Differential effects of prenatal stress in two inbred strains of rats

T. Stöhr, D. Schulte Wermeling, T. Szuran, V. Pliska, A. Domeney, H. Welzl, I. Weiner, J. Feldon*

*Corresponding author for this work

Research output: Contribution to journalArticlepeer-review


The long-term effects of prenatal stress (three times daily restraint stress during the last week of gestation) on the behavioral response to stress, as assessed by novelty-induced locomotion, performance in the forced swim test, and the acquisition of a two-way active avoidance, were investigated in two inbred strains of rats, Fischer 344 (F344/NHsd/Zur) and Lewis (LEW/SsNHsd/Zur). Additional measures included birth weights, pain threshold on the hot plate, and basal and stress-induced corticosterone secretion. In all of the behavioral paradigms strain differences were found: LEW rats showed poorer acquisition of avoidance conditioning, displayed higher levels of activity on the open plate, less immobility time in the forced swim test, and lower pain thresholds in the hot-plate test compared with F344 rats, LEW rats had higher birth weights after prenatal stress, whereas F344 rats were lighter. Following prenatal stress the pattern of behavioral effects obtained in LEW rats in stress-related tests could be interpreted as improved coping abilities with stress, i.e., improved acquisition of active avoidance, less immobility in the forced swim test, and reduced novelty-induced locomotion. Prenatal stress was much less effective in inducing long-term behavioral changes in F344 rats, yielding only one effect namely enhanced novelty-induced locomotion in female F344 rats. Pain thresholds were increased as a consequence of prenatal stress, irrespective of strain and gender. Basal and stress-induced corticosterone release differed in the two strains with LEW rats showing less stress-induced corticosterone release. Prenatal stress did not, however, affect basal or stress-induced corticosterone release. The results suggest that prenatal stress exerts long-term effects on behavior, which depend on the genetic background.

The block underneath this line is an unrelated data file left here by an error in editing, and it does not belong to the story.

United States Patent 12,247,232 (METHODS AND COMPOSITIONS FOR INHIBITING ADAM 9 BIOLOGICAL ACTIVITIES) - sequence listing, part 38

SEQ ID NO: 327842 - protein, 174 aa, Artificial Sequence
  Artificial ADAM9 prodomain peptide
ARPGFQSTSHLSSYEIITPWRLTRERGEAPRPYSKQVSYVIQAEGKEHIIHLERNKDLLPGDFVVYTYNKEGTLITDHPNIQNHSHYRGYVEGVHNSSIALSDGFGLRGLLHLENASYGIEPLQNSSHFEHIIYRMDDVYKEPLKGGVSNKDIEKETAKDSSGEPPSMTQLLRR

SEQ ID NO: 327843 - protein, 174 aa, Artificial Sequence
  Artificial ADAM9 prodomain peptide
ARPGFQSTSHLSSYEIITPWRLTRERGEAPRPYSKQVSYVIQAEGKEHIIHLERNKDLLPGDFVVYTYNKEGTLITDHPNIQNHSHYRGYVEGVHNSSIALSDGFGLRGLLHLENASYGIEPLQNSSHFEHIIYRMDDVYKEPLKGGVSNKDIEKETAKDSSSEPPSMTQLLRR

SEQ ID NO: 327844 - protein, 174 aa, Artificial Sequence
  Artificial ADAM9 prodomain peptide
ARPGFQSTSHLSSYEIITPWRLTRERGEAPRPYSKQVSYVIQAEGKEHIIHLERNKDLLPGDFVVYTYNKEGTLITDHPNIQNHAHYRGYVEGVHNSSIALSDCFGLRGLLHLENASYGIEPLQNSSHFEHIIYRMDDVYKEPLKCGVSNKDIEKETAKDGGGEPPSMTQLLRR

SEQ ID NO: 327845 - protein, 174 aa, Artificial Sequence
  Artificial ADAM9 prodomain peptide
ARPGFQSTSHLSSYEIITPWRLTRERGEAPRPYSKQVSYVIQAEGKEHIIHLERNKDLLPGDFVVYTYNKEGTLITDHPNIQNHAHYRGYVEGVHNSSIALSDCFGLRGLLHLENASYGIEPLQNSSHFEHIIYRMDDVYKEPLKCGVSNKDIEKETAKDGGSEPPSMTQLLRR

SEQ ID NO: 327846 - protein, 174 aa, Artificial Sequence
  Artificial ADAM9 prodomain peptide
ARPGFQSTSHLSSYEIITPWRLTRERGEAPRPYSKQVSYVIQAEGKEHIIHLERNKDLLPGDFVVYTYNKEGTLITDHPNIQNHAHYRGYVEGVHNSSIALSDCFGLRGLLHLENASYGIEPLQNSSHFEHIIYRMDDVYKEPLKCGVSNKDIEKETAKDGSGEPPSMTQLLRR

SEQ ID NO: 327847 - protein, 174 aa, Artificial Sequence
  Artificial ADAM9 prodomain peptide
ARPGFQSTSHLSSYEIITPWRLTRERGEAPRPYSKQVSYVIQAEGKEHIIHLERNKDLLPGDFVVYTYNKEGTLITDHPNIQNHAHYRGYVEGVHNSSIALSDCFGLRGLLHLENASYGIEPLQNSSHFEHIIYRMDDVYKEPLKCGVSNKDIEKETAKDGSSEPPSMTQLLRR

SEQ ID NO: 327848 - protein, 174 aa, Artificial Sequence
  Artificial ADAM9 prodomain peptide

Original languageEnglish
Pages (from-to)799-805
Number of pages7
JournalPharmacology Biochemistry and Behavior
Issue number4
StatePublished - Apr 1998


  • Fischer rat
  • Gender differences
  • Genetic differences
  • HPA system
  • Lewis rat
  • Prenatal stress


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